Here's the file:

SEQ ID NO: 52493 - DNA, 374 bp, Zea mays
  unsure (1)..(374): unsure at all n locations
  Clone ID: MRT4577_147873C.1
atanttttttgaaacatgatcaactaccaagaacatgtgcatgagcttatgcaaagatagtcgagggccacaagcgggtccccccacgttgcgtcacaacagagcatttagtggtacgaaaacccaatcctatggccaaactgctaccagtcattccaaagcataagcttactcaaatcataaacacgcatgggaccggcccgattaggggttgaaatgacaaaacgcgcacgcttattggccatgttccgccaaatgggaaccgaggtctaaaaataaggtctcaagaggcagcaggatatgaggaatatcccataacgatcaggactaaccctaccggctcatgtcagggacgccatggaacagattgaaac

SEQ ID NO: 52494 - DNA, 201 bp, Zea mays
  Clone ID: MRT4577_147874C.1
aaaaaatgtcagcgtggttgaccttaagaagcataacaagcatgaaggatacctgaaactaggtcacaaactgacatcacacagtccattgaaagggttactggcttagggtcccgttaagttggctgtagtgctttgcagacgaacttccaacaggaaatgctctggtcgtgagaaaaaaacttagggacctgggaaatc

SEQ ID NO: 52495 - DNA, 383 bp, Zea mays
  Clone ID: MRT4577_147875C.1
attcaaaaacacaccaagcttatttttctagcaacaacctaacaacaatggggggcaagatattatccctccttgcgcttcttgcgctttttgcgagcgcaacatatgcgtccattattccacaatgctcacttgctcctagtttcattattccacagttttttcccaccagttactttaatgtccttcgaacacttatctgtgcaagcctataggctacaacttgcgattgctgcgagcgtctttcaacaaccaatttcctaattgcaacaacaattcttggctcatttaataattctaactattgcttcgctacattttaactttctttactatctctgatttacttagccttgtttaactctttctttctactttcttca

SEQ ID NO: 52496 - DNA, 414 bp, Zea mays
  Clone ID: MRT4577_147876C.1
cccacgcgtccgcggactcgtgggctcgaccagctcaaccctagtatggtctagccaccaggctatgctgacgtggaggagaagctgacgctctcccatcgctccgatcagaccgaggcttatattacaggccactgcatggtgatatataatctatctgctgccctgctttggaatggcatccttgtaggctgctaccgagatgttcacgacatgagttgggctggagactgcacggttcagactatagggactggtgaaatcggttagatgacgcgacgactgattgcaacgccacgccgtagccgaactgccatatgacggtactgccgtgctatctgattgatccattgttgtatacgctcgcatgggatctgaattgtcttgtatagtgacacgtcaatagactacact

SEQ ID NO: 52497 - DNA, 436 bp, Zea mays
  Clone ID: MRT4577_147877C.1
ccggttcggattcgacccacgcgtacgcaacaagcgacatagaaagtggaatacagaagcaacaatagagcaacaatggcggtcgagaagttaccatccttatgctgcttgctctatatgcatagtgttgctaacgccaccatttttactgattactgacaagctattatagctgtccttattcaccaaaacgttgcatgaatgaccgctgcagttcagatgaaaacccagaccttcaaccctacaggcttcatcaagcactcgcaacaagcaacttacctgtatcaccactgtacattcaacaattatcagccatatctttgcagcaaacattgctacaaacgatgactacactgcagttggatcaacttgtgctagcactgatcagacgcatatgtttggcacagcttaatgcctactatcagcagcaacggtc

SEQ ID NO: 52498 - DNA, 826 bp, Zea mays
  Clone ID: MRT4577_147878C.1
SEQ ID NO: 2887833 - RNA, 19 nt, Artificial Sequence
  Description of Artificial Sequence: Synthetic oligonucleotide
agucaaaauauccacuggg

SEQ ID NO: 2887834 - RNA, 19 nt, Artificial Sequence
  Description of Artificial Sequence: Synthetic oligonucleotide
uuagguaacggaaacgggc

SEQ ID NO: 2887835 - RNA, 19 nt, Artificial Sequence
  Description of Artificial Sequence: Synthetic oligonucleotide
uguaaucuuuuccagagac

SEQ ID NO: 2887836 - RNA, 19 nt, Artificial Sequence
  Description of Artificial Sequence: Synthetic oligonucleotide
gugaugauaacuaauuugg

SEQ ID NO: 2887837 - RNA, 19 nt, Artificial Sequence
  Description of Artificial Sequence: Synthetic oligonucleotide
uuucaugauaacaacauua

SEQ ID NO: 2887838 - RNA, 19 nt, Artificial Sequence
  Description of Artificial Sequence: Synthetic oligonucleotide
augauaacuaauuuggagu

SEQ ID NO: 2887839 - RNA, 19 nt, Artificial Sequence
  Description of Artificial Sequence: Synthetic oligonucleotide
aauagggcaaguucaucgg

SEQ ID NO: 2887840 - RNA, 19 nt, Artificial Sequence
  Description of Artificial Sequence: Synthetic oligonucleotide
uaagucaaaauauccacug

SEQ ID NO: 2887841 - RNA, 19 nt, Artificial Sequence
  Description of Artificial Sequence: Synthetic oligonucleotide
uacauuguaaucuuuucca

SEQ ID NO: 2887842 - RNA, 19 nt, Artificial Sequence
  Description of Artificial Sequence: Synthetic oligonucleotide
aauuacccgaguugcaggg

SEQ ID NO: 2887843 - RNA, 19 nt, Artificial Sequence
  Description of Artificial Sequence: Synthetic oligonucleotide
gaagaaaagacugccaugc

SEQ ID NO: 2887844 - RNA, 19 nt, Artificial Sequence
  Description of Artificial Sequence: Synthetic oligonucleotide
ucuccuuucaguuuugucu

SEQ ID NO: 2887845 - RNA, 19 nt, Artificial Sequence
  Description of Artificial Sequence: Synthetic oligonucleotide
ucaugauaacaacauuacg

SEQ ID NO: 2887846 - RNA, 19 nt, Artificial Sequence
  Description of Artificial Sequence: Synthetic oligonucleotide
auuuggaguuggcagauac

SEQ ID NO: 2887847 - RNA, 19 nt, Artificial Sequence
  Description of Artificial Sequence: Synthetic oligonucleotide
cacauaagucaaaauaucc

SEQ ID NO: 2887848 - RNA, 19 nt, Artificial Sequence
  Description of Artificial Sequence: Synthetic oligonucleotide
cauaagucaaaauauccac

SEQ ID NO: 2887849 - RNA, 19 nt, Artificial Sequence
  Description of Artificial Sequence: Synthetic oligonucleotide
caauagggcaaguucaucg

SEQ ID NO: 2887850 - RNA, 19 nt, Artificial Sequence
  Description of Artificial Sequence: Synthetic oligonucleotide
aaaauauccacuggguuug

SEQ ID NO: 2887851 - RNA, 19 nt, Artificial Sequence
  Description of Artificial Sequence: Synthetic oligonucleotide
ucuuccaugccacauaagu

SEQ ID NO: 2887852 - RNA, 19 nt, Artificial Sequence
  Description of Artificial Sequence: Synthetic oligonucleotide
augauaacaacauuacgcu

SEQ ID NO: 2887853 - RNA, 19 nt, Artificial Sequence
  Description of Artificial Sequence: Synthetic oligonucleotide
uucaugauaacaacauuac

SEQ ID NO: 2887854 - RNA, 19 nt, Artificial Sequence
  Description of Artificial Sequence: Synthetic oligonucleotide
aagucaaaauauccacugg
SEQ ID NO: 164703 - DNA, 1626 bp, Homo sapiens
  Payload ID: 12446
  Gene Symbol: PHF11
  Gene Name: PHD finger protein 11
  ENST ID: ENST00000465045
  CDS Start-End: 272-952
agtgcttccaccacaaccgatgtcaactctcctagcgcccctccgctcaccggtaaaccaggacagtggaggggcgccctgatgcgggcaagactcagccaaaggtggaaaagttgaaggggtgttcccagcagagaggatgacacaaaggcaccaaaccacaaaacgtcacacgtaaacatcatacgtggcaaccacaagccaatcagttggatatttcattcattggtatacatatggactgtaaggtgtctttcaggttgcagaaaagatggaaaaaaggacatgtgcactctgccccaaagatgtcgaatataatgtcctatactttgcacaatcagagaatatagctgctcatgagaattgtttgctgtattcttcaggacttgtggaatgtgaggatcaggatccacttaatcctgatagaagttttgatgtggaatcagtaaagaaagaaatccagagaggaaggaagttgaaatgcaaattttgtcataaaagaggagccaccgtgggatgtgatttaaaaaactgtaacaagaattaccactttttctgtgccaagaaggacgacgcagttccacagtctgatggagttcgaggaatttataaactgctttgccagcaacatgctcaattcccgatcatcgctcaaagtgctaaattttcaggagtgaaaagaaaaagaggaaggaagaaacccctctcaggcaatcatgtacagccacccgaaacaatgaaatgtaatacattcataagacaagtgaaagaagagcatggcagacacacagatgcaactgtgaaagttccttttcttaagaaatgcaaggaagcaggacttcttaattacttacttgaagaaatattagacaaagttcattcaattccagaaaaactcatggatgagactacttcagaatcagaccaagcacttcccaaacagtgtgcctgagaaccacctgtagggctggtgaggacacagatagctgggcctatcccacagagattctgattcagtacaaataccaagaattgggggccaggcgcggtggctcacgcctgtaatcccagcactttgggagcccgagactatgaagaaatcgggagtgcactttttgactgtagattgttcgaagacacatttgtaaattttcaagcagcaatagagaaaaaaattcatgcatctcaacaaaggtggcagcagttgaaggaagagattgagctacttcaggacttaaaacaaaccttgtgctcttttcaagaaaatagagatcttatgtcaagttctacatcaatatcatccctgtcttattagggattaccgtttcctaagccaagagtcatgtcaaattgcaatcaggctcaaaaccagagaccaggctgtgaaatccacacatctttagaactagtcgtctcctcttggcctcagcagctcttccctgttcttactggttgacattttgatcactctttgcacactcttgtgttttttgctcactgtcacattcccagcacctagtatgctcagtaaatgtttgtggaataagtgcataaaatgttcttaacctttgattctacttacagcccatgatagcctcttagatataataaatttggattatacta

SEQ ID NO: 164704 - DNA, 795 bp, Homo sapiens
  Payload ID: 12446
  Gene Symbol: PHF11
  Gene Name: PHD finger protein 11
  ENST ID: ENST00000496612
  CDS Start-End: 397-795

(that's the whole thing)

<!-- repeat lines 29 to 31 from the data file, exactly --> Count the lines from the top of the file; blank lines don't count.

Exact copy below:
  Description of Artificial Sequence: Synthetic oligonucleotide
gugaugauaacuaauuugg

SEQ ID NO: 2887837 - RNA, 19 nt, Artificial Sequence